Custom-made jeans spur a Superior student to help others
This is a story about how a pair of jeans changed a young woman's life. It starts three years ago, as Meagan Barnard neared the end of her freshman year at Superior High School and felt ready to conquer the world. "When I was thinking about my hi...
This is a story about how a pair of jeans changed a young woman's life.
It starts three years ago, as Meagan Barnard neared the end of her freshman year at Superior High School and felt ready to conquer the world.
"When I was thinking about my high school years, I was thinking about, you know, prom queen, home-coming queen," she said.
But a year was all she would have before her ideas about a normal high school experience turned upside down.
She awoke one morning with swelling in her right leg. It was gone the next day but returned. Barnard spent the next five months seeing doctors. In December of her sophomore year, they diagnosed her with lymphedema, an illness in which the lymph nodes in her right leg can't drain fluid adequately. Fluid goes in but doesn't come out.
"When ... the Mayo Clinic told me that it was not going away, that was when everything actually came clear to me that I was going to live with this for the rest of my life," Barnard said. "Everything about me changed."
She said she used to look down on students who wore sweatpants to school. But now that her leg was swollen, tight pants caused her pain.
"It was either look nice and have pain," she said, "or just be underdressed and not have to worry about my leg so much."
Family members say she never wanted to talk about her disease. Barnard stopped playing basketball because the running caused her leg to swell. She stopped dancing and twirling baton because the costumes revealed her leg. She even stopped hanging out so much with friends.
"I just kind of felt like, at 15 years old, my life was over," she said.
As her painful junior year faded into summer and summer into fall, Barnard began preparing for her senior year. Shopping for back-to-school clothes reminded her of her condition in every store.
"I've never been able to go and look for pants or look for bottoms," she said. "I always buy tons of shirts but I have nothing to wear them with."
Frustrated, she stayed up late one night searching the Internet for clothes that would fit. A Web site caught her attention: a company that made clothes for people with broken bones, amputees and for people with lymphedema. Her heart sank when she saw there were no clothes for young women on Cast Clothing Co.'s Web site. So she wrote to the company's president.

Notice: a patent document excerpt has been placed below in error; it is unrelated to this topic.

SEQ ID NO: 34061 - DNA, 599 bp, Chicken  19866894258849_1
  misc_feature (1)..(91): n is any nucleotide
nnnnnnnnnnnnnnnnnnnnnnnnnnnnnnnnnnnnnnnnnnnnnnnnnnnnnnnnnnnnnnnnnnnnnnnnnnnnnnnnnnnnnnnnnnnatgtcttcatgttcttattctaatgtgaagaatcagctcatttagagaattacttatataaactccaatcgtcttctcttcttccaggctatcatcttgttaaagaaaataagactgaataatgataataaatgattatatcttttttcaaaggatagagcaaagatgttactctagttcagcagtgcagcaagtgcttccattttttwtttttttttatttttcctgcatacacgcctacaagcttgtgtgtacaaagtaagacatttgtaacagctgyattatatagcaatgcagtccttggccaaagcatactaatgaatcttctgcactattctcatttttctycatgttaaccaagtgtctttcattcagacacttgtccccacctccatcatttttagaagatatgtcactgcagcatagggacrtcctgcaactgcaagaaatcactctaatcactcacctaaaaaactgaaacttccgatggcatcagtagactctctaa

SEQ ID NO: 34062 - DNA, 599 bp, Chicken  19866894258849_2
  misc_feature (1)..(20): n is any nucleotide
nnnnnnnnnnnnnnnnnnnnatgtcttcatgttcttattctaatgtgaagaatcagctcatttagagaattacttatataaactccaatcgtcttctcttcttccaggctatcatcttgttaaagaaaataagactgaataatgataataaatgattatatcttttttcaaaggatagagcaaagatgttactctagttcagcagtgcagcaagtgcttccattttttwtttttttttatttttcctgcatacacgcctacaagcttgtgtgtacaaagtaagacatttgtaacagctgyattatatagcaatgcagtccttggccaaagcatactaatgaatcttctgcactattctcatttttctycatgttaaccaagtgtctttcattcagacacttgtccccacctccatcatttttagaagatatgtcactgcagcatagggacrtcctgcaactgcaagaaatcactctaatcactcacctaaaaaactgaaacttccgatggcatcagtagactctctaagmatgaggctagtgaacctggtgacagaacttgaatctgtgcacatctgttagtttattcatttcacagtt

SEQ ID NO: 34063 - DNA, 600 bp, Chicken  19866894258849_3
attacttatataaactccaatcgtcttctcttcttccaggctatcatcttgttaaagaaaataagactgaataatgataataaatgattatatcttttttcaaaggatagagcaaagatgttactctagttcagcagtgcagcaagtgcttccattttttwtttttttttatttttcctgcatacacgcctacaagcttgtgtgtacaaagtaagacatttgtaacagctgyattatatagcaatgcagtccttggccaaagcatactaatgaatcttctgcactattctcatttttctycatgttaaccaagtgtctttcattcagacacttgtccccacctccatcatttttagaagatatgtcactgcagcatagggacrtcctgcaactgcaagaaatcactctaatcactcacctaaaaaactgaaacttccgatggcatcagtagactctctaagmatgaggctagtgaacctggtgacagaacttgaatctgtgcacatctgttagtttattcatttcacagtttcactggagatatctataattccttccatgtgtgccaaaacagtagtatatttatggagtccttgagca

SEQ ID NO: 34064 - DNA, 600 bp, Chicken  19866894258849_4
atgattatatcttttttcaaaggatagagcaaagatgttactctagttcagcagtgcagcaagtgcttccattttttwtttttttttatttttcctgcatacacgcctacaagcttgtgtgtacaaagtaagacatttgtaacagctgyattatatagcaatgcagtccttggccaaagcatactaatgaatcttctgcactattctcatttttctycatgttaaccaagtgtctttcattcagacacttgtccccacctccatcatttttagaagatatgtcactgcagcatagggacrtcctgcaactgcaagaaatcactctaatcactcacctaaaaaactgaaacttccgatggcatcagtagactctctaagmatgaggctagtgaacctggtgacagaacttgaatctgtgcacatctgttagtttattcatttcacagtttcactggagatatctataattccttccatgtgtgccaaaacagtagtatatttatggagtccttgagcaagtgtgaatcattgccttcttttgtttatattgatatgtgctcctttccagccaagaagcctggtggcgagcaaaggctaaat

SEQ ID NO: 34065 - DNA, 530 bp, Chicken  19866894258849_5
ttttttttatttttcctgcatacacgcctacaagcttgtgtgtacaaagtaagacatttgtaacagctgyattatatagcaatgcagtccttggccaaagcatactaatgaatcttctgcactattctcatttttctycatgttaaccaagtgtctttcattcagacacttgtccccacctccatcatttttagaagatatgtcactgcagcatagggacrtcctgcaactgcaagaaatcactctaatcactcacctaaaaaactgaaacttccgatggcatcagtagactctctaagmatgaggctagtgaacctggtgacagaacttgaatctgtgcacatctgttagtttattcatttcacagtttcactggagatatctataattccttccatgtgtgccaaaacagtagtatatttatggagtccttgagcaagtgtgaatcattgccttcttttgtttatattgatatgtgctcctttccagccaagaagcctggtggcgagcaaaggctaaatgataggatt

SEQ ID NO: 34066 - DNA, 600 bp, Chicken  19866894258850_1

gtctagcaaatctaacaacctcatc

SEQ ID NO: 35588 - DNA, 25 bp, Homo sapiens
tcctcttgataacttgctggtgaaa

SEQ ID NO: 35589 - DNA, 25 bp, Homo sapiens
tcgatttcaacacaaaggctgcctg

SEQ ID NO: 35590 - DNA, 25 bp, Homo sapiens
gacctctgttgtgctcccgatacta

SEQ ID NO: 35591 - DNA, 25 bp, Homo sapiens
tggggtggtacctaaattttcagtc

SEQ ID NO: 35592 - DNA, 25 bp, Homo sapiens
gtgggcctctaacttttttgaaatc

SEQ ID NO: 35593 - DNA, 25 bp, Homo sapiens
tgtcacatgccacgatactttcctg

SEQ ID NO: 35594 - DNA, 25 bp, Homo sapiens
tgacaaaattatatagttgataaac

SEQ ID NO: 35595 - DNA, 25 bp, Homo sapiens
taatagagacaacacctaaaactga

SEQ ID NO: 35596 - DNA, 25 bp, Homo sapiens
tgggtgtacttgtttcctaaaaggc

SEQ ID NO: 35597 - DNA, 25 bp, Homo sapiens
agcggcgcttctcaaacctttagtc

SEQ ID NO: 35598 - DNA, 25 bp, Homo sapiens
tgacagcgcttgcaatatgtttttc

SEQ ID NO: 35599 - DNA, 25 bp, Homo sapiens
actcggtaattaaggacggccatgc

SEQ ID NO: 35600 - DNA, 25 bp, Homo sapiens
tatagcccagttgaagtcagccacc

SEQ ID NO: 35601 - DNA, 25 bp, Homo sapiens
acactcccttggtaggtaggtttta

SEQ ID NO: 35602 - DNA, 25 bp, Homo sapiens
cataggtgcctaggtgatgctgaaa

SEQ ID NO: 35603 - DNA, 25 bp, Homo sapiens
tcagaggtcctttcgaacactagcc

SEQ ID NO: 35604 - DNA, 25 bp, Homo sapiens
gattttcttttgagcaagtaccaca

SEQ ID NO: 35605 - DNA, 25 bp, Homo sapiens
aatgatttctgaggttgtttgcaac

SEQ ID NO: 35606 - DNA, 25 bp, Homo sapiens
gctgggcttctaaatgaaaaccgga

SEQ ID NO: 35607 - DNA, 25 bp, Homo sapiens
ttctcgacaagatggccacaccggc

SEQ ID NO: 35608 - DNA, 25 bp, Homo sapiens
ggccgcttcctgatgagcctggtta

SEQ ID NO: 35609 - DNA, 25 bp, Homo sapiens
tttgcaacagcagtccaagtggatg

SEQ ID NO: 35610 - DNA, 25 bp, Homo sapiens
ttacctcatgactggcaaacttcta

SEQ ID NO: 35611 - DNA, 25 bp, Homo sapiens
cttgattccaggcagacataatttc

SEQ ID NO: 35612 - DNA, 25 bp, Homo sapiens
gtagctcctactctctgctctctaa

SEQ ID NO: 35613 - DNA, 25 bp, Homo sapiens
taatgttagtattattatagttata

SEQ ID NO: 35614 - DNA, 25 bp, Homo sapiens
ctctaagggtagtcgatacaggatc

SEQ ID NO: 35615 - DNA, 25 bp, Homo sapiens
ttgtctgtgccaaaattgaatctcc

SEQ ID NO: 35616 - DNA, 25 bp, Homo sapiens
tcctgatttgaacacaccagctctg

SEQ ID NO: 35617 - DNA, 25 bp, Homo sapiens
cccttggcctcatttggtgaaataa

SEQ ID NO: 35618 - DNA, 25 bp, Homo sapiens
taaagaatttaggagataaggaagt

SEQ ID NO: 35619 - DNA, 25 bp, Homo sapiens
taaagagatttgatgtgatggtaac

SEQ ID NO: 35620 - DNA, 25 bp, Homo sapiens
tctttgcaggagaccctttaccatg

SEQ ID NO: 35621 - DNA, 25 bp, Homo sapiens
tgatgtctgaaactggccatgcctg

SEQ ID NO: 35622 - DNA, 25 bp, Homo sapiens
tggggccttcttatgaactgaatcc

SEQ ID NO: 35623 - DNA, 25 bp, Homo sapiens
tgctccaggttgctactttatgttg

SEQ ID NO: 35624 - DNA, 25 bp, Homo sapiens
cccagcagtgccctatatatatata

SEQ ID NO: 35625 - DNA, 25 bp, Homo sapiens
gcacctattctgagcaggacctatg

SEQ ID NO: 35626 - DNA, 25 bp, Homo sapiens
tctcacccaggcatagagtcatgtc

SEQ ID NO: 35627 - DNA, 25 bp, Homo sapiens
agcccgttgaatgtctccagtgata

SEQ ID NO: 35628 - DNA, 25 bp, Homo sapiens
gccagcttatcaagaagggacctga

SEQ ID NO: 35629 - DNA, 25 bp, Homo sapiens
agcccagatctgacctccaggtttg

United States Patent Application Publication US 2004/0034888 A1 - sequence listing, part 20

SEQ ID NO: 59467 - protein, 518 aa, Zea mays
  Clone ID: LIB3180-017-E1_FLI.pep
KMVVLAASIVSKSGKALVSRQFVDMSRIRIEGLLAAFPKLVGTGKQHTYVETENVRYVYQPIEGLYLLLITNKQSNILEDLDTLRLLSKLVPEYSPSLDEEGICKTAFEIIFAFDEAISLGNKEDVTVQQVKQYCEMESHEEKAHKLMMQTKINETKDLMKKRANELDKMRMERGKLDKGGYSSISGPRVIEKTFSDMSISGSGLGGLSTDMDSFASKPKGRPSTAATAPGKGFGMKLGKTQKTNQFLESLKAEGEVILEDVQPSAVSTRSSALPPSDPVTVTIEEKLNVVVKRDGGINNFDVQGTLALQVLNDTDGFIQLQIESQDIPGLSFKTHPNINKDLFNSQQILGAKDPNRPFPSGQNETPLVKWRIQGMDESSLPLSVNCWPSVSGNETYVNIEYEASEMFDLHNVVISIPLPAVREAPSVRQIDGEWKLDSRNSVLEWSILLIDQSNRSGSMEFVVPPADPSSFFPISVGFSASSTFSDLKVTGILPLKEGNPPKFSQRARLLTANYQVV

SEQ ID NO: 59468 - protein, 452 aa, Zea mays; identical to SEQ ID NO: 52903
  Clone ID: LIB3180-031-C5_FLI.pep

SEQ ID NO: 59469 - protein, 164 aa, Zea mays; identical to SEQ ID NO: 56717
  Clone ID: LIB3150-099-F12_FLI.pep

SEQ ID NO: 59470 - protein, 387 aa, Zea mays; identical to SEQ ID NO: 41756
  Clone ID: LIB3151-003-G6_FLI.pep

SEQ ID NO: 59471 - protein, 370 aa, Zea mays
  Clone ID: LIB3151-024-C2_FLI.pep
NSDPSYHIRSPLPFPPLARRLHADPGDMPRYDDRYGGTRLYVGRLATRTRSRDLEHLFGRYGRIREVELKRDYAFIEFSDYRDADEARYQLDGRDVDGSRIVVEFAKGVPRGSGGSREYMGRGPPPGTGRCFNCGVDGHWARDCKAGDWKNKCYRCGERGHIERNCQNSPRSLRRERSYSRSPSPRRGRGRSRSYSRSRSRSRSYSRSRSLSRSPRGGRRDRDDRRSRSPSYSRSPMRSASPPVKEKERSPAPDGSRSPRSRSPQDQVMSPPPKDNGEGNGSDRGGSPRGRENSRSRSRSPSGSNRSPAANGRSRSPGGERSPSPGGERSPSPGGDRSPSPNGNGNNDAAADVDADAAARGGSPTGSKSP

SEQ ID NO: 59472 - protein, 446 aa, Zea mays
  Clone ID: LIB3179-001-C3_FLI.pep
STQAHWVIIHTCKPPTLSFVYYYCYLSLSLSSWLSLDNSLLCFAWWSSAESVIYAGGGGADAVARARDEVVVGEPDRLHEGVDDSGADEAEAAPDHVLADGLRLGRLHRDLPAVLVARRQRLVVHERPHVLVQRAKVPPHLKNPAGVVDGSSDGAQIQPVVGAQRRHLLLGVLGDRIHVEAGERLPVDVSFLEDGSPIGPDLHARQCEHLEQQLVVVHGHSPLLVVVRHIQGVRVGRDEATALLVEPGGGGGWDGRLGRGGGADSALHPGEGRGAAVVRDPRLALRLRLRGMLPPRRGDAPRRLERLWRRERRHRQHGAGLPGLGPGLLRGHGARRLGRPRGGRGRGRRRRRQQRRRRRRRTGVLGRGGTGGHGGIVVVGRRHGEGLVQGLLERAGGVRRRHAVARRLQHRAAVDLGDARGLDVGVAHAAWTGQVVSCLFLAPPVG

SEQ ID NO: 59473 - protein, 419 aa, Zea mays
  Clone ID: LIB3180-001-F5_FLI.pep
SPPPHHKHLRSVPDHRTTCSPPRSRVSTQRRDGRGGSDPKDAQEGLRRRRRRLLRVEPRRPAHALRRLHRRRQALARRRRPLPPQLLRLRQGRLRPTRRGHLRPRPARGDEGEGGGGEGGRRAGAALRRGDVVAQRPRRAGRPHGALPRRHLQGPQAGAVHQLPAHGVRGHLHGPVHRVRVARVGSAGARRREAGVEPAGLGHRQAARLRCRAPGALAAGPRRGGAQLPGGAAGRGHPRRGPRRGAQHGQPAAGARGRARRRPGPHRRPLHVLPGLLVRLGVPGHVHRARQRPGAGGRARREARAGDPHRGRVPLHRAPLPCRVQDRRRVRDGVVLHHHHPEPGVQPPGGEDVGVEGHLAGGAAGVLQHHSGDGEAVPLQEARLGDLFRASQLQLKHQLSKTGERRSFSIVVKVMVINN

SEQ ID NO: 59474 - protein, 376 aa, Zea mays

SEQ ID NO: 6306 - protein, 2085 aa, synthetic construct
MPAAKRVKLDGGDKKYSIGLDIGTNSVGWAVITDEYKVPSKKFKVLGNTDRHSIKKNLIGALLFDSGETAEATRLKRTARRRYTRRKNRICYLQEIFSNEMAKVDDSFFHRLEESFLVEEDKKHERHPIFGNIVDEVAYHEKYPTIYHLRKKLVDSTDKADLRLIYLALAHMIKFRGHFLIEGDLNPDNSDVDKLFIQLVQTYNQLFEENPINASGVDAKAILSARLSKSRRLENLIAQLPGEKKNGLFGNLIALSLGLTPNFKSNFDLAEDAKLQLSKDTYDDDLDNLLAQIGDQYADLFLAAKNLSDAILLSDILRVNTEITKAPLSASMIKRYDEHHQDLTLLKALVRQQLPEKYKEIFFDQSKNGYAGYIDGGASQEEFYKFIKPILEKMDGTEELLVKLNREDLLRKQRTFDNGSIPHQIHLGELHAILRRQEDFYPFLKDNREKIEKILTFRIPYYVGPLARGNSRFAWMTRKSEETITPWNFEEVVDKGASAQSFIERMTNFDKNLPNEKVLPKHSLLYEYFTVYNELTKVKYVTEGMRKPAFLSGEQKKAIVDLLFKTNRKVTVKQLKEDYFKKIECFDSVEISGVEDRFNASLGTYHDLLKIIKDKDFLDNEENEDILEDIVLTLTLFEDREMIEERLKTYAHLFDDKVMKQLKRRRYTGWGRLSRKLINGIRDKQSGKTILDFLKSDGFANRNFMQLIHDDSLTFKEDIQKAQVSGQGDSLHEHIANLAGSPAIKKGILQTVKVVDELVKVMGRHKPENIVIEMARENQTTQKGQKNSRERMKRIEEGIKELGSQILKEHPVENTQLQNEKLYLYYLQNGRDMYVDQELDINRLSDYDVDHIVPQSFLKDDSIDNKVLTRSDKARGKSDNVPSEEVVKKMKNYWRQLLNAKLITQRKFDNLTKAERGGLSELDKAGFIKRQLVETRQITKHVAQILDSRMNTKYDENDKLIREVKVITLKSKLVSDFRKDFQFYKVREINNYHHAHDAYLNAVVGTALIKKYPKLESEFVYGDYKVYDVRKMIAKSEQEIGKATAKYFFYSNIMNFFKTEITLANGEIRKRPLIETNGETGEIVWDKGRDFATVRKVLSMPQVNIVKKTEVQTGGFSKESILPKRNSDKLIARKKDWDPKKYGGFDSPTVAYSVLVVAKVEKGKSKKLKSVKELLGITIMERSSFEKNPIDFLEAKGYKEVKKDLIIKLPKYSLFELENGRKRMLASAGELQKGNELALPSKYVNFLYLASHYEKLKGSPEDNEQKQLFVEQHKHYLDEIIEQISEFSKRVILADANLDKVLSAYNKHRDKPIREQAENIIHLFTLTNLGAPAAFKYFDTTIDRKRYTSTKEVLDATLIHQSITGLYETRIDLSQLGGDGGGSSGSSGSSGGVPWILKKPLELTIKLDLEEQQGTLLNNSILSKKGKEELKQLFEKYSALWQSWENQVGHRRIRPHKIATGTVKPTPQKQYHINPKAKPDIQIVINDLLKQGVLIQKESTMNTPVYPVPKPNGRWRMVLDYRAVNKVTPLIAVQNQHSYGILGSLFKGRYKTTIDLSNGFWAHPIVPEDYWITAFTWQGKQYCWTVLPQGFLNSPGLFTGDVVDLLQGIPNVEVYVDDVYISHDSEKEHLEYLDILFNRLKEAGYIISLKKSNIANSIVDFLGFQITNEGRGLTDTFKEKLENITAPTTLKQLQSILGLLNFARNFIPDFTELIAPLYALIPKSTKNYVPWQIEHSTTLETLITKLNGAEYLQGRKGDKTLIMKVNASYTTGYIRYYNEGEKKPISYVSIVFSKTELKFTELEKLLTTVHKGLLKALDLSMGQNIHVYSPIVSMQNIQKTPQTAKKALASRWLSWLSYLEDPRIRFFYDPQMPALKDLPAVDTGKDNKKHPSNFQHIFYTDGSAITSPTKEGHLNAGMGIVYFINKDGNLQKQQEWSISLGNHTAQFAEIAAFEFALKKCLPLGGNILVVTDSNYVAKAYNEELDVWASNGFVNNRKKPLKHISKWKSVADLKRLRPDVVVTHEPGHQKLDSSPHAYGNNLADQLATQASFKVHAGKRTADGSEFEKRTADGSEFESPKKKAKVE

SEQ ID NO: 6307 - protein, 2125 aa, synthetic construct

When Mike Harding, president and founder of the Palm Springs, Fla.-based business, read Barnard's plea, he knew he had to act.
"It was all about giving her something that she can feel good about," Harding said.
Harding asked Barnard what she wanted to wear. A few weeks later, she received a pair of custom-made jeans.
"When they sent me my first pair of jeans," she said, "it kind of made me realize that I can overcome things."
She started playing recreational basketball. She started coaching younger dancers at the studio where she used to dance. But one final hurdle stood in the way of graduating: a senior project.
Barnard wanted to learn more about her disease. Working with Cast Clothing, she decided to create a magazine that would provide the kind of information she had needed.
"Right now in the media, it's, 'Fit in. Look this way. Be beautiful.' And if you have an abnormality, you definitely don't fit that description," Barnard said. "I think that's pretty much why I started it, because ... I needed this tool to help me."
After working on the magazine for five months, she realized it wasn't enough.
"Learning about all of the things that I'm going to have to face if there isn't a cure scared me," she said. "So I was like, 'What if I threw a fundraiser?' "
Her benefit for lymphedema last month at Superior Middle School raised more than $3,000.
"It made her realize that she can make a difference, and that's made her feel like she has more of a place in this world," said Barnard's sister, Kaitlyn.
Barnard, now 18, says her journey has taught her to look for the positive in the most negative situations.
"I don't have cancer. I don't have something that's going to kill me," she said. "I do have something that has no cure. I don't know how I got it or if it will ever go away, but it could be a lot worse."